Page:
Given the unprecedented level and duration of mitigation policies during the 2020 COVID-19 pandemic, it is not surprising that the public and the media have raised important questions about the potential for negative mental health consequences of the measures. To answer them, natural variability in policy implementation across US states and over time was analyzed to determine if mitigation policies correlated with Google searches for terms associated with symptoms of depression and anxiety. Findings indicated that restaurant/bar limits and stay-at-home orders correlated with immediate increases in searches for isolation and worry but the effects tapered off two to four weeks after their respective peaks. Moreover, the policies correlated with a reduction in searches for antidepressants and suicide, thus revealing no evidence of increases in severe symptomatology. The policy implications of these findings are discussed.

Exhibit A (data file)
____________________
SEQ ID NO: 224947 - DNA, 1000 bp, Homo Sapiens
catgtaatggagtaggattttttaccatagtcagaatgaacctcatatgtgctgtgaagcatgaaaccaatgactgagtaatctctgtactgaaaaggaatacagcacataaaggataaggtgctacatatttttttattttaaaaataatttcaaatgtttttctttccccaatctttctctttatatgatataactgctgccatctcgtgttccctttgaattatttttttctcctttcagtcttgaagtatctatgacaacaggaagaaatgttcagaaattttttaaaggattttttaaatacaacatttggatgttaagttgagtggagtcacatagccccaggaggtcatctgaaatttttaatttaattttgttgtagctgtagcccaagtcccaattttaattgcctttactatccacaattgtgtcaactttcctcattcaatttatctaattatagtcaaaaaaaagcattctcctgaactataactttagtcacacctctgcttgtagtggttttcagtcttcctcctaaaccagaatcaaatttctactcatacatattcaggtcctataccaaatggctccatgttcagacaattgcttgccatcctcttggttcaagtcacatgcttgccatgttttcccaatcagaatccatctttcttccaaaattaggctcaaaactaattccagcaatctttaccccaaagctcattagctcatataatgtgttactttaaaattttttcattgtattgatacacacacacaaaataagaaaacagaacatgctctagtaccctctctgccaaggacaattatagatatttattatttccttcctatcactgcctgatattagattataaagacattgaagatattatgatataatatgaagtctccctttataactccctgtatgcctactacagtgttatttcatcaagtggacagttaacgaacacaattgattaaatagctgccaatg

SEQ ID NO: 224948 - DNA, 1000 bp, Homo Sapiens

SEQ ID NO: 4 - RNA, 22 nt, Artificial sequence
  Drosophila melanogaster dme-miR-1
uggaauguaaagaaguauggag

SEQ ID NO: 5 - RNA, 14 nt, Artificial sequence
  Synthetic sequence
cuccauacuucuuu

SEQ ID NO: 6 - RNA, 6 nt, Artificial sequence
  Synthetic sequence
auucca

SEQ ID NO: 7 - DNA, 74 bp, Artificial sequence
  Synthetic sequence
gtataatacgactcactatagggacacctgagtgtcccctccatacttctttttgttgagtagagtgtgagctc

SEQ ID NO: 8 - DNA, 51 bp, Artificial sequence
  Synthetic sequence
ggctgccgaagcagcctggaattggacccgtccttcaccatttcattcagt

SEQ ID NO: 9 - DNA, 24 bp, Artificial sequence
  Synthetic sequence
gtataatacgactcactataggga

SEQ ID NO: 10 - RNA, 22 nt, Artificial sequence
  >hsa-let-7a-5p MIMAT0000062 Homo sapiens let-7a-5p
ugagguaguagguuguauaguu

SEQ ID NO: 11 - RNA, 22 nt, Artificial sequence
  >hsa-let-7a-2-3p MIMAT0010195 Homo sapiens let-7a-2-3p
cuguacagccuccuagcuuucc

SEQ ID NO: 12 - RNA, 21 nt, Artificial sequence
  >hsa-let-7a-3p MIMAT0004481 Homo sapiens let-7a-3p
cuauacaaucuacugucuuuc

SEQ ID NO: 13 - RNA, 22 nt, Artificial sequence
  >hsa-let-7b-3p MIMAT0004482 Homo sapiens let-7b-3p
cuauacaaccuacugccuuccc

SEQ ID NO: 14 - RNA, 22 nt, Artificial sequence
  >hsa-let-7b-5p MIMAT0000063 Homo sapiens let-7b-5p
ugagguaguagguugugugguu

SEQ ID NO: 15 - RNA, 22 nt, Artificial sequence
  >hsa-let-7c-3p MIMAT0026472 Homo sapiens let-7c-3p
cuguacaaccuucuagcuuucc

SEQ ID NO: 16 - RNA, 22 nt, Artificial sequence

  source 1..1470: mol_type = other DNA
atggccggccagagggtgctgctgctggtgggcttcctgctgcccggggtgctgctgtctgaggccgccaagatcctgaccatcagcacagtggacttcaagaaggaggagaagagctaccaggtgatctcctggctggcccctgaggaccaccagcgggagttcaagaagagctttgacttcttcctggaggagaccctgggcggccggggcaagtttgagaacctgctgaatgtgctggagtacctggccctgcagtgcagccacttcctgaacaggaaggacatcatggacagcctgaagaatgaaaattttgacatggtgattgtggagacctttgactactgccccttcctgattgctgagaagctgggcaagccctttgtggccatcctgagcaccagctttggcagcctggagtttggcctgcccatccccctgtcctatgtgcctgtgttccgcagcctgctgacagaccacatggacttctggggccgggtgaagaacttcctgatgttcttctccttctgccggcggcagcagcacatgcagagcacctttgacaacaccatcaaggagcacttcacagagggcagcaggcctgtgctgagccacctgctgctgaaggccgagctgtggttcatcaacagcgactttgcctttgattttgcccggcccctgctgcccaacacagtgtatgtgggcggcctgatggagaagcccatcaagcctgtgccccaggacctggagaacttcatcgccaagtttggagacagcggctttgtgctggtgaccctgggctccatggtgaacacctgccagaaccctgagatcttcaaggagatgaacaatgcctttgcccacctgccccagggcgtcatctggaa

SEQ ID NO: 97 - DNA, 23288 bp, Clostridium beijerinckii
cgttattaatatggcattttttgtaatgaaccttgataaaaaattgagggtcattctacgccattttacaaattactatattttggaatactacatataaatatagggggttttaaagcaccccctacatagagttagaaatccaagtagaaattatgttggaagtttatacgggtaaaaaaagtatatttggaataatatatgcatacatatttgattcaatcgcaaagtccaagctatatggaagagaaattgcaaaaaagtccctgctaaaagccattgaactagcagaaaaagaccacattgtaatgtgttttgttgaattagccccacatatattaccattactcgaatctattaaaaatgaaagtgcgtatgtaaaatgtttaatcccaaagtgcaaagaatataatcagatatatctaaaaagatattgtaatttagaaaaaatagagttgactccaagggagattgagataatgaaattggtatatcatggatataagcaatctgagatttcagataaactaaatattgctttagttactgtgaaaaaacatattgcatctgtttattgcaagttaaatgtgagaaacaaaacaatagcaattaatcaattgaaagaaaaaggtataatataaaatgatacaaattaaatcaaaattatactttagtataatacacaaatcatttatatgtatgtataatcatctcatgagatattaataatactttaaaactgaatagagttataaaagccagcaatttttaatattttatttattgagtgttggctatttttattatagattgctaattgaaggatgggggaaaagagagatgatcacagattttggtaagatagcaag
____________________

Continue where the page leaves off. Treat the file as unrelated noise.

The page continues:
- Mental health
- Social distancing
- COVID-19 policies
ASJC Scopus subject areas
- Economics, Econometrics and Finance (miscellaneous)